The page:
Bhutan - Daga Shingdra Tshogpa: The Revival of a Rural Enterprise
Primary thematic focus: Sub-national capacity development: local solutions, national strengths
In a Nutshell:
Daga Shingdra Tshogpa (DST), formed in late 2005 was going through a crisis. The case describes the attempts in making DST a profitable rural based enterprise - the importance of awareness creation and capacity building of local bodies and the need for inclusion of good governance in a farmers’ group.
Dagana district grows an abundance of fruits like oranges, passion fruits, guava, and pears. The Ministry of Agriculture, with support from UNDP has set up an Integrated Food Processing Plant (IFPP). A farmers’ group was formed around the IFPP in 2005, with the aim to increase household income through collective engagement in the food processing industry. SNV Bhutan provided initial support to the farmers’ group, which is named Daga Shindgra Tshogpa (DST). DST has 97 members, representing about 87 households. The main activities of DST over the past years have been production of orange pulp and orange export. Up to the 2008 season, DST has undertaken business transaction of about USD 125,000 a year, yet in the past two seasons DST suffered a total loss of USD 47,916.
In early 2009, MoA requested SNV to support the revival of DST. SNV and stakeholders, looked at:
a) Management of bookkeeping
b) DST by-laws, and management (business) plan
c) DST management – Board and Executive Committee
d) Stakeholder coordination and support services and found the following:
- DST bylaws were decent, but developed by just 5% of DST members with external agencies and without broader member consultation. 80% of members are not aware of its existence.
- The group has been operating its business without much direction or support. No management or business plan was developed.
- No clear book keeping of the business transactions. No proper record of money transactions was maintained. The system could be (and was) manipulated by smart people to make easy money at the cost of the group.
- The roles and responsibilities as spelled out in the by-laws are not followed, and there are no accountability measures in place.
- Trust amongst the members and in the board was at the lowest, and the group was at the verge of collapse.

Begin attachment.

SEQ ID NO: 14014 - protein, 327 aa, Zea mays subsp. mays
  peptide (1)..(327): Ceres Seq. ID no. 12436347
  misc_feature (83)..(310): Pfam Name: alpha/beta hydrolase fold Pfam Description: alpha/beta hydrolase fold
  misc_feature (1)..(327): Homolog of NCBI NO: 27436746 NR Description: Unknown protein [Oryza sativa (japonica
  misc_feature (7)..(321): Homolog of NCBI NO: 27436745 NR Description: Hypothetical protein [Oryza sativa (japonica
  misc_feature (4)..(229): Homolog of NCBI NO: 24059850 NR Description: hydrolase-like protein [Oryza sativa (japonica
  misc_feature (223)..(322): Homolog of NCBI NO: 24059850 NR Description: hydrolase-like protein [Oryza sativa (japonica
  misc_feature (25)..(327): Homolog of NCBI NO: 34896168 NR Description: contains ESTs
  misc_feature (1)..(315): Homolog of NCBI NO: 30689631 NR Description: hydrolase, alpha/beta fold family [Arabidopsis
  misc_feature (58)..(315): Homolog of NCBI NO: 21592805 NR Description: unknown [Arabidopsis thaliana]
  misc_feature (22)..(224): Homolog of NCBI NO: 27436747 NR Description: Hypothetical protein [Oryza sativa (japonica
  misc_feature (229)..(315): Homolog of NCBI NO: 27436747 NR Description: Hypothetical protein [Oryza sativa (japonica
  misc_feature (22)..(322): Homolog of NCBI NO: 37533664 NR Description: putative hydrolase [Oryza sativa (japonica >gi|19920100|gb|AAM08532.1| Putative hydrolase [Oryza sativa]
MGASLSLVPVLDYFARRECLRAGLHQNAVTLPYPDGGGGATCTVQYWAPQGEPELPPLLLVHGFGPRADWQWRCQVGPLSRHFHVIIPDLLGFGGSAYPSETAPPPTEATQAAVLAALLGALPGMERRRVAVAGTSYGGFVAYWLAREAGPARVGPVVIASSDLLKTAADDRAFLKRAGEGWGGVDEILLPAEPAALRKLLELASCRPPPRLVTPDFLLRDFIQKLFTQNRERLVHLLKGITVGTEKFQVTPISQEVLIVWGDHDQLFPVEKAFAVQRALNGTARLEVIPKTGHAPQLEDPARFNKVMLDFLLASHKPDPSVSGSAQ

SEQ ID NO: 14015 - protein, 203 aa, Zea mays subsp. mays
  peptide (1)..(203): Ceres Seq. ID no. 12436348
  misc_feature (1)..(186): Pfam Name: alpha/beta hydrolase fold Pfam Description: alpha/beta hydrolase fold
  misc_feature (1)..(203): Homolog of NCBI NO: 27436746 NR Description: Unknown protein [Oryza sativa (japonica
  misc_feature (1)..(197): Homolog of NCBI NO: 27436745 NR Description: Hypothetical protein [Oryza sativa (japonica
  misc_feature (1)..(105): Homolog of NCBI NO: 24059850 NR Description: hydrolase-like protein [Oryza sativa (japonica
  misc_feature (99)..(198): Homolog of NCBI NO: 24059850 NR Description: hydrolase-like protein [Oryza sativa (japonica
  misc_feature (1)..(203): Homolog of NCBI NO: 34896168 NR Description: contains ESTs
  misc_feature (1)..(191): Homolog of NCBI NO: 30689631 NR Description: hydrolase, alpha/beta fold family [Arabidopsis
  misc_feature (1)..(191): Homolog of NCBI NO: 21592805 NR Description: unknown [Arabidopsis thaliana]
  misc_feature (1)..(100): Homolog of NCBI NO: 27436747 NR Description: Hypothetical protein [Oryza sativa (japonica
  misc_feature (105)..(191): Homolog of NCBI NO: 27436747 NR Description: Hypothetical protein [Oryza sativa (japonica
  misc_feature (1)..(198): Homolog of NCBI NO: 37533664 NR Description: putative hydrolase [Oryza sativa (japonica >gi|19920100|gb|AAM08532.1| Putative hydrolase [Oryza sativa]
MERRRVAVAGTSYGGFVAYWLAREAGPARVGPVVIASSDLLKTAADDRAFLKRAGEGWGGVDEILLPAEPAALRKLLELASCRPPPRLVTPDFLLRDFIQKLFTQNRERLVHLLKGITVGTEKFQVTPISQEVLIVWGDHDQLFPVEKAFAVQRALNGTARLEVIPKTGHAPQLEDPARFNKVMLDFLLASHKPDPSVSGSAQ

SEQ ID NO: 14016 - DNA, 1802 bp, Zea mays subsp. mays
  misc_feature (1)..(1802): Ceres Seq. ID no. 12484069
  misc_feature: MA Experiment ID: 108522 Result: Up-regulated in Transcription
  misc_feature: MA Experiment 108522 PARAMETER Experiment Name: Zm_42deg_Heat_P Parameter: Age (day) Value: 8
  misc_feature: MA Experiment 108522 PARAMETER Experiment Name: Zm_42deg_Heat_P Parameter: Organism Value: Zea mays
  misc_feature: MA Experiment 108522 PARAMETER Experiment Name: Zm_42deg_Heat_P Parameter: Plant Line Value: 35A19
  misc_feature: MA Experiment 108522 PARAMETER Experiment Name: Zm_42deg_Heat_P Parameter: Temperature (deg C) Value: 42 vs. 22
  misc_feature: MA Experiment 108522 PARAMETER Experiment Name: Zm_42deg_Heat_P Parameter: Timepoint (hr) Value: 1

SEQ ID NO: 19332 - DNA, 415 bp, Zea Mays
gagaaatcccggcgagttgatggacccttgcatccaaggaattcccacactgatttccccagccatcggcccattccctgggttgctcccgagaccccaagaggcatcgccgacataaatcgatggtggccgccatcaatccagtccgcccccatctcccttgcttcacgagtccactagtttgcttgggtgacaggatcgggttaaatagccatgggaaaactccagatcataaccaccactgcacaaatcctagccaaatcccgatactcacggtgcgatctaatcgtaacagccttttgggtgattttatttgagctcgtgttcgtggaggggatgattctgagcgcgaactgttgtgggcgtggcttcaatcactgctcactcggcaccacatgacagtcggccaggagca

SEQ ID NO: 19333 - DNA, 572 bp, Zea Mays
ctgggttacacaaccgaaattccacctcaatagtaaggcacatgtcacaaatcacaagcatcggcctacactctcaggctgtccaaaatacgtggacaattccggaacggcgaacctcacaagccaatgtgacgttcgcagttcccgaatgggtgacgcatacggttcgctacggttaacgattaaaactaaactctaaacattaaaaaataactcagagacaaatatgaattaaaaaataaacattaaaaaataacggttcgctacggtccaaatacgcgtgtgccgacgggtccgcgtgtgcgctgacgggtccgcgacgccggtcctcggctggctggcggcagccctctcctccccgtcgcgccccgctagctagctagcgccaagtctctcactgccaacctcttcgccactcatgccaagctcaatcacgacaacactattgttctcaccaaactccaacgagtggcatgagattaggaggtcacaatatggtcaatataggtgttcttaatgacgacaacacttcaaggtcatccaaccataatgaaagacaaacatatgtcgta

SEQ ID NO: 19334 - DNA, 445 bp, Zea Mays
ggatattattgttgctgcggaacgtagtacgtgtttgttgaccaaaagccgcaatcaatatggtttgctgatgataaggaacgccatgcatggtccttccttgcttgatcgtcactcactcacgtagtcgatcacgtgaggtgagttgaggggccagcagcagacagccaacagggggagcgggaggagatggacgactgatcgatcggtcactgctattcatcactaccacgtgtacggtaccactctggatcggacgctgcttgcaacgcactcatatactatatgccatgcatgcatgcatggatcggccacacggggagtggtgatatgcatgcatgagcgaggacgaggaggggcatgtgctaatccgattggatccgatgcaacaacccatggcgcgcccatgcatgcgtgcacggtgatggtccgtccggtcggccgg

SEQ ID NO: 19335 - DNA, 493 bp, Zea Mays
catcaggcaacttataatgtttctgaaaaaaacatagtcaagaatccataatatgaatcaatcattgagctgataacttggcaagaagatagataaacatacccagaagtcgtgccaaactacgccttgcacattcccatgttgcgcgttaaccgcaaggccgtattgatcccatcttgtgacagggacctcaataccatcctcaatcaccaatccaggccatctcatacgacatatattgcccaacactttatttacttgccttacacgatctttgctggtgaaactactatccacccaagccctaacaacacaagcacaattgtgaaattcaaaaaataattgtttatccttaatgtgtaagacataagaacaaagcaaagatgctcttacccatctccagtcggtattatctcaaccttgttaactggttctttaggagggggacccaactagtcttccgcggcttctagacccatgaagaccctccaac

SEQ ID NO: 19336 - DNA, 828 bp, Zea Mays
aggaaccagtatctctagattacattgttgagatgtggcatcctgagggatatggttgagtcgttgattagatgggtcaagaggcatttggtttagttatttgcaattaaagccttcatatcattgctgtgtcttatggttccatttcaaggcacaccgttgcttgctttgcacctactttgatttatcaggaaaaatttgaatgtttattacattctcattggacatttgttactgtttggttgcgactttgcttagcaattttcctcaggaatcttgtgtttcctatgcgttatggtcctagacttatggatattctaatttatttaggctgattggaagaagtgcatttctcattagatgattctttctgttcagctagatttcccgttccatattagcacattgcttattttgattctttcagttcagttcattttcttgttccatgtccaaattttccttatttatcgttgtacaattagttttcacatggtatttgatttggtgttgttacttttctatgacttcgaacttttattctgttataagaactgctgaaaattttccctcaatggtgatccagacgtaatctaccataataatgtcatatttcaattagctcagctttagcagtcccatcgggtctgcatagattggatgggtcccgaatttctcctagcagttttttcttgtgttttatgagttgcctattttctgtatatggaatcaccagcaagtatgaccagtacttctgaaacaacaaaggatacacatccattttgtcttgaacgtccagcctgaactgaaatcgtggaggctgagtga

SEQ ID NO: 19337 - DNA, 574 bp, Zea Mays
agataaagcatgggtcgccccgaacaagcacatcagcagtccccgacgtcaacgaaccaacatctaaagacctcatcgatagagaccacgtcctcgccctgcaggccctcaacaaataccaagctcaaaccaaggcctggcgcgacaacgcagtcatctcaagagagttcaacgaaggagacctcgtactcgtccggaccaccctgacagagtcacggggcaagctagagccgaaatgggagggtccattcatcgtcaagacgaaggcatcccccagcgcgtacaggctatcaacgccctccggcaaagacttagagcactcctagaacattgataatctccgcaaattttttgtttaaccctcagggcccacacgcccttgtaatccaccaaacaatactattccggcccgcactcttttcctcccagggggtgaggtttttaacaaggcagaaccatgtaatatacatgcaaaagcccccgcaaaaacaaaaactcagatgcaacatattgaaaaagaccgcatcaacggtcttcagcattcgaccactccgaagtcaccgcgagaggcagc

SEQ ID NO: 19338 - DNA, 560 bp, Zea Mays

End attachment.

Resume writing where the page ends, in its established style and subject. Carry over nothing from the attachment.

- The lack of participation and support of main service providers – like the district administration, technical support providers, local governance authorities, etc.
a) An exercise on group dynamics and group formation
b) Revision of the current by-laws in a very consultative and participative manner
c) Re-election of the board and executive members
d) Development of a business plan, but currently focusing on orange business
e) Developing a simple but accountable financial manual, and training people on proper book-keeping
f) Most importantly, a lot of attention was given to governance aspects like institutional arrangements, roles and responsibilities, accountability, participation in decision-making, gender and participation of ethnic groups, amongst others.
1. For the first time, more than 65% of members participated in the General Assembly meeting
2. A revised by-laws and a business plan are in place
3. District administration had taken full interest in DST activities, and stood as guarantor for a loan from a financial institution. Ministry of Agriculture as allocated a full time officer to support DST in the 2009-2010 orange season.
4. Ministry of Agriculture is using the DST by-laws and its business plan as a showcase for other farmers’ groups
5. DST currently undertaking orange business activity seriously. 2009-10 season business expected to make sufficient income to pay of loan and earlier outstanding debts.
6. MoA is looking at DST to be registered as one of the first cooperative once the cooperative act becomes operational. Although DST is now on track, ongoing support is still required, especially in bookkeeping and documentation, group dynamics and trust building, and accountability.
Results and Critical Factors:
The DST farmers’ group is now become a reasonably well functioning group. There is renewed trust and interest amongst the members and board members, although this needs further attention and support. The DST has managed to engage fruitfully with the district administration. There has been more clarity on the roles of the stakeholders. The capacity of the DST has been build, to a large extent, on proper documentation and bookkeeping. Capacity building on meeting management was done but needs further attention. The district administration was involved, to the extent possible, that they agreed to stand as guarantor against the loan of DST from the financial institution. Further participation and support from District Administration needs attention. DST is well on the way to make profit for the first time since its inception, and it is expected they can pay off the loan and other outstanding debts the group had incurred over the years.
The following are the critical factors that are necessary to make a farmers’ group successful enterprise:
a) Sufficient awareness building and training to improve group dynamics
b) Proper understanding of the members on the purpose and objective of “why the need for a group”. The need should come from the community and not the other way around (e.g. the need of the government to export oranges).
c) Roles of stakeholders should be made clear from the beginning.
d) Active participation of stakeholders is required if future support needs are to be streamlined.
e) Good governance aspects, such as accountability and transparency should be incorporated from the very beginning if a group is to succeed.
f) A clear capacity needs assessment followed by a capacity building plan and phase out plan for support should be in place.
Name of Primary Contact Person: Kencho Wangdi
Title of Primary Contact Person: Portfolio Coordinator